Saturday, March 24, 2018

Troy, Fall of a City

One of the fundamental assumptions of my education was that the Greeks were always the good guys - that anyone who stood up to Hellenic civilisation was, to use the modern parlance, some sort of 'dune coon' or terrorist. (If who didn't have this sort of education, well then, spoiler alerts!)
Long before I read The Iliad these stories were presented to me piecemeal, largely by one particularly inspirational Latin teacher, and then performed collectively at Prep school as a sort of dramatic adaptation.
I’d even read Julian Jaynes’s mind-bending The Origin of Consciousness in the Breakdown of the Bicameral Mind before tackling the original Homeric text in translation..only to then find myself scratching my head at the absence of a wooden horse in the third act.
The BBC’s new GOT-esque epic Troy, Fall of a City is a recognisable composite of mini-myths lifted from Homer, Virgil and other sources. The underlying premise however appears to be that the (albeit ill-fated) Trojans are the goodies after all, not the thuggish invasion force encamped outside their gates.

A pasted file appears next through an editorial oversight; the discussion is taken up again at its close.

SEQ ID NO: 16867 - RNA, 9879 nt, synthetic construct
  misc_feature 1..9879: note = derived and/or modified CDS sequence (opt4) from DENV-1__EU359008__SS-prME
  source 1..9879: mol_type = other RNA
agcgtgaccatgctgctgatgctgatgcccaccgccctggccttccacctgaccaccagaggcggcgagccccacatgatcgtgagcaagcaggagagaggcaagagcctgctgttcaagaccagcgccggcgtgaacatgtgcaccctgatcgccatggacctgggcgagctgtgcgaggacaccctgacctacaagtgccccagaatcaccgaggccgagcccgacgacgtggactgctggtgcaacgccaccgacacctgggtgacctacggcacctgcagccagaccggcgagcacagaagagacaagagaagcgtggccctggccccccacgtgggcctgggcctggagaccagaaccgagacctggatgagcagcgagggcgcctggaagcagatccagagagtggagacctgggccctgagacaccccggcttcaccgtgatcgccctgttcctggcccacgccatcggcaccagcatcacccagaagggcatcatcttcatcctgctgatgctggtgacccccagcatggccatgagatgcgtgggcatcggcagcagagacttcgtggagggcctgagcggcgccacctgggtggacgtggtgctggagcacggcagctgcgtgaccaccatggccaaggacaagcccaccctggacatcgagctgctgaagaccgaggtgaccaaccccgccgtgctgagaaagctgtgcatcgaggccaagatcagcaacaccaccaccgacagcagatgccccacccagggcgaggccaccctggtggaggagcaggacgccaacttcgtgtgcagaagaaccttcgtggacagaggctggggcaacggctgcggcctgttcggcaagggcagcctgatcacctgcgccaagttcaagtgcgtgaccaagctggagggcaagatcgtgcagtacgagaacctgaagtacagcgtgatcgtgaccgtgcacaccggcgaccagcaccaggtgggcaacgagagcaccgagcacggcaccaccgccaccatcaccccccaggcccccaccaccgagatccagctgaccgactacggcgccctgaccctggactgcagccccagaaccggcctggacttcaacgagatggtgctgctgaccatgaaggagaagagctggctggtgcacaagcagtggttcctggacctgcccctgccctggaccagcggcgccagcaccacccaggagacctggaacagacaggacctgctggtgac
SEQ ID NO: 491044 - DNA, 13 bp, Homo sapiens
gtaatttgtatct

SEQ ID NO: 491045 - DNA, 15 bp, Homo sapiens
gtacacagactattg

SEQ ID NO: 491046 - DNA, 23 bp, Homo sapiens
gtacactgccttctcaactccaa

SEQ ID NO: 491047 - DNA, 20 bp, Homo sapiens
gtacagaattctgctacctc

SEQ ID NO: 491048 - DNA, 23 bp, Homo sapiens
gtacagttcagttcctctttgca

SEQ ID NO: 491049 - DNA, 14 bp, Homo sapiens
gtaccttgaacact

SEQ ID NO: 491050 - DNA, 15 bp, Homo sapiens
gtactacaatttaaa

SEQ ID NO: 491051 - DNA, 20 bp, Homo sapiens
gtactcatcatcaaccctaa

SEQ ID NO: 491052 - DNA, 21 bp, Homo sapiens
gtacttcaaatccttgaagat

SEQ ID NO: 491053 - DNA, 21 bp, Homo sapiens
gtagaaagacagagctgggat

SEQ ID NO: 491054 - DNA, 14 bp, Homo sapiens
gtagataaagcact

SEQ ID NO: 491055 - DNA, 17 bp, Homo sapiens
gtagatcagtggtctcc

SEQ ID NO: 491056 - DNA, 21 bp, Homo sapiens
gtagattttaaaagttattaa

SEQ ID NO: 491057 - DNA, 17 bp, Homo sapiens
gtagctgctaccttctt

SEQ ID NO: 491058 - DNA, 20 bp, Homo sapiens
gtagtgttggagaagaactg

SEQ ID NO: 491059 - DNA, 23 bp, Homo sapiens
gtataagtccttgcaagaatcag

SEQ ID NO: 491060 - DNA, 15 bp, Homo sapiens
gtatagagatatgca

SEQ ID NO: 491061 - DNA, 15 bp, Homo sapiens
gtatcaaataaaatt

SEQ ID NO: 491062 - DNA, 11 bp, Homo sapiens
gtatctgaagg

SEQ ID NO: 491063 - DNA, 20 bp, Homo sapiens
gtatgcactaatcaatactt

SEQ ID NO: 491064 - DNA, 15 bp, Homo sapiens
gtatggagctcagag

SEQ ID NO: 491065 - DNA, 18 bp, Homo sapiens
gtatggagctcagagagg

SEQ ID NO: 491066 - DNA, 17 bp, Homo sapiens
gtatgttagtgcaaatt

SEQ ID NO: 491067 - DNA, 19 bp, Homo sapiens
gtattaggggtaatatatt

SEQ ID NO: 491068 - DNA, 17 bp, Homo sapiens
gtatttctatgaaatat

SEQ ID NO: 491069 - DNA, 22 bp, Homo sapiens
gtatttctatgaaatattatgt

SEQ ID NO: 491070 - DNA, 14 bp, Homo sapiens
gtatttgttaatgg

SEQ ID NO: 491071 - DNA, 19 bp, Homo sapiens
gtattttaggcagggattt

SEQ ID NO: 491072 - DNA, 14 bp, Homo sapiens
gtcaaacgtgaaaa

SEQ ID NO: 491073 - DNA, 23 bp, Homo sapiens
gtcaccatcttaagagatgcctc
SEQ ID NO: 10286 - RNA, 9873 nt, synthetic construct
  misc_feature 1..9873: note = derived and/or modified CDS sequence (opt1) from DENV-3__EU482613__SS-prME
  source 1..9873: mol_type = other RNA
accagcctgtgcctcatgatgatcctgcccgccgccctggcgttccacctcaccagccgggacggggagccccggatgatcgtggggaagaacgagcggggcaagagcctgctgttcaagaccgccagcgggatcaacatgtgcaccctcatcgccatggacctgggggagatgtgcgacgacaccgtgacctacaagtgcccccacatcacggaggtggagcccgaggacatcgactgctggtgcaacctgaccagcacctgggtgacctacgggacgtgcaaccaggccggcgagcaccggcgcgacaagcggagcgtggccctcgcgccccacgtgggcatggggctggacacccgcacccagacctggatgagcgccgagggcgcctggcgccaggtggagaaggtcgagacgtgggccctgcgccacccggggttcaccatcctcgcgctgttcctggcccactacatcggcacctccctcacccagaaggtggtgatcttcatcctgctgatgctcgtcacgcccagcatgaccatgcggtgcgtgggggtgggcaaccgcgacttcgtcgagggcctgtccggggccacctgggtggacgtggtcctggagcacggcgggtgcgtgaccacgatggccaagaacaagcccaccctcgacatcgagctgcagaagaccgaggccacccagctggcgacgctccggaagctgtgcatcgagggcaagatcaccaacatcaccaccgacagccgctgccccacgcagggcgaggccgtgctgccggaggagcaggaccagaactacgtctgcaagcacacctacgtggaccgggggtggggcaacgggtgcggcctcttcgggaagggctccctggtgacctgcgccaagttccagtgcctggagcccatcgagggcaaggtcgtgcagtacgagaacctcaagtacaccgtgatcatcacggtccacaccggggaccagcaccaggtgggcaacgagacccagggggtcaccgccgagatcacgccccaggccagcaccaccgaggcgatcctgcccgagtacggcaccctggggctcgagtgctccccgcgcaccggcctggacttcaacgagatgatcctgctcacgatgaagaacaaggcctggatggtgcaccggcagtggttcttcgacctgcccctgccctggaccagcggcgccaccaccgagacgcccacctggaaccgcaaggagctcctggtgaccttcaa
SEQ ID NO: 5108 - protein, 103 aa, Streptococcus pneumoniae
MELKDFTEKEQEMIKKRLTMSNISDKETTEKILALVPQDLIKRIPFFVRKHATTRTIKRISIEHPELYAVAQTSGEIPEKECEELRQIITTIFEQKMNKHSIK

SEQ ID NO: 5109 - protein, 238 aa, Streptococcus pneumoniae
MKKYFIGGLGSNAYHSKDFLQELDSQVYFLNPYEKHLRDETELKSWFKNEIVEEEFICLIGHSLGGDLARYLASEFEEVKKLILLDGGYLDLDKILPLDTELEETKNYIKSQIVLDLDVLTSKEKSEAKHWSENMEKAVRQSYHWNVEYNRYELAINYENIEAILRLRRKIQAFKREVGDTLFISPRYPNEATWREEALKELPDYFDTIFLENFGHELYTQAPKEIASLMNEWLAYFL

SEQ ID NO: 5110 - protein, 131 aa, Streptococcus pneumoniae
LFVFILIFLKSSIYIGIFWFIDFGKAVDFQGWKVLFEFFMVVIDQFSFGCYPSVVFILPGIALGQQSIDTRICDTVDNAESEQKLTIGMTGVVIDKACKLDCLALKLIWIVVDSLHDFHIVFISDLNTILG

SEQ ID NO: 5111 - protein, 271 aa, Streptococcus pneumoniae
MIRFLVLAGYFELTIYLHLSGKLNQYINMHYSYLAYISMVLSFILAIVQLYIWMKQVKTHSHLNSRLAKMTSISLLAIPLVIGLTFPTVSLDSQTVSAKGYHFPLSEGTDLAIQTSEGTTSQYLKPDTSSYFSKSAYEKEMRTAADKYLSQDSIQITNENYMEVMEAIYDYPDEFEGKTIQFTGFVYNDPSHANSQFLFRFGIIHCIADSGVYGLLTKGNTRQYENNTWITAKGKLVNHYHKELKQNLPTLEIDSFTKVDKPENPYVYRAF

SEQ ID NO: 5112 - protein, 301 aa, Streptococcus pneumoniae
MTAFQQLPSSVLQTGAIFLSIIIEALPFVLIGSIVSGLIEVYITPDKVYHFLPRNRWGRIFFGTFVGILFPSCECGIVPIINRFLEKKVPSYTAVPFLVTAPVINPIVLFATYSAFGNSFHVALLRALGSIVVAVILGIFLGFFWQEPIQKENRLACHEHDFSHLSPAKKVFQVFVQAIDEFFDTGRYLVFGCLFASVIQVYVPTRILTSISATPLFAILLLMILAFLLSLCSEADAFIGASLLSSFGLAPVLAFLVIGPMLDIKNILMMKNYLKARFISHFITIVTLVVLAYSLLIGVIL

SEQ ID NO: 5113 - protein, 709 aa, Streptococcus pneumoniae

Putting a love story with more than a hint of girl power at the centre of this narrative makes sense from a modern perspective, but the writers have left themselves a bit of hurdle to overcome in the denouement phase. 
Whilst the likes of Agamemnon, Achilles, Hector and even Odysseus (in prequel mode here) all possess character ‘arcs’ in the contemporary sense in the original story, Paris and Helen kind of don’t. (Homer had her married off to someone else before the city falls.)
Rather like Malory’s Le Morte D’Arthur, this is an amalgamation of individual, character-driven plots that taken together don’t quite add up to our familiar stand-alone story structure.
I have two episodes left to consume and look forward to seeing how the annihilation promised in the series’s title can be made dramatically satisfying.

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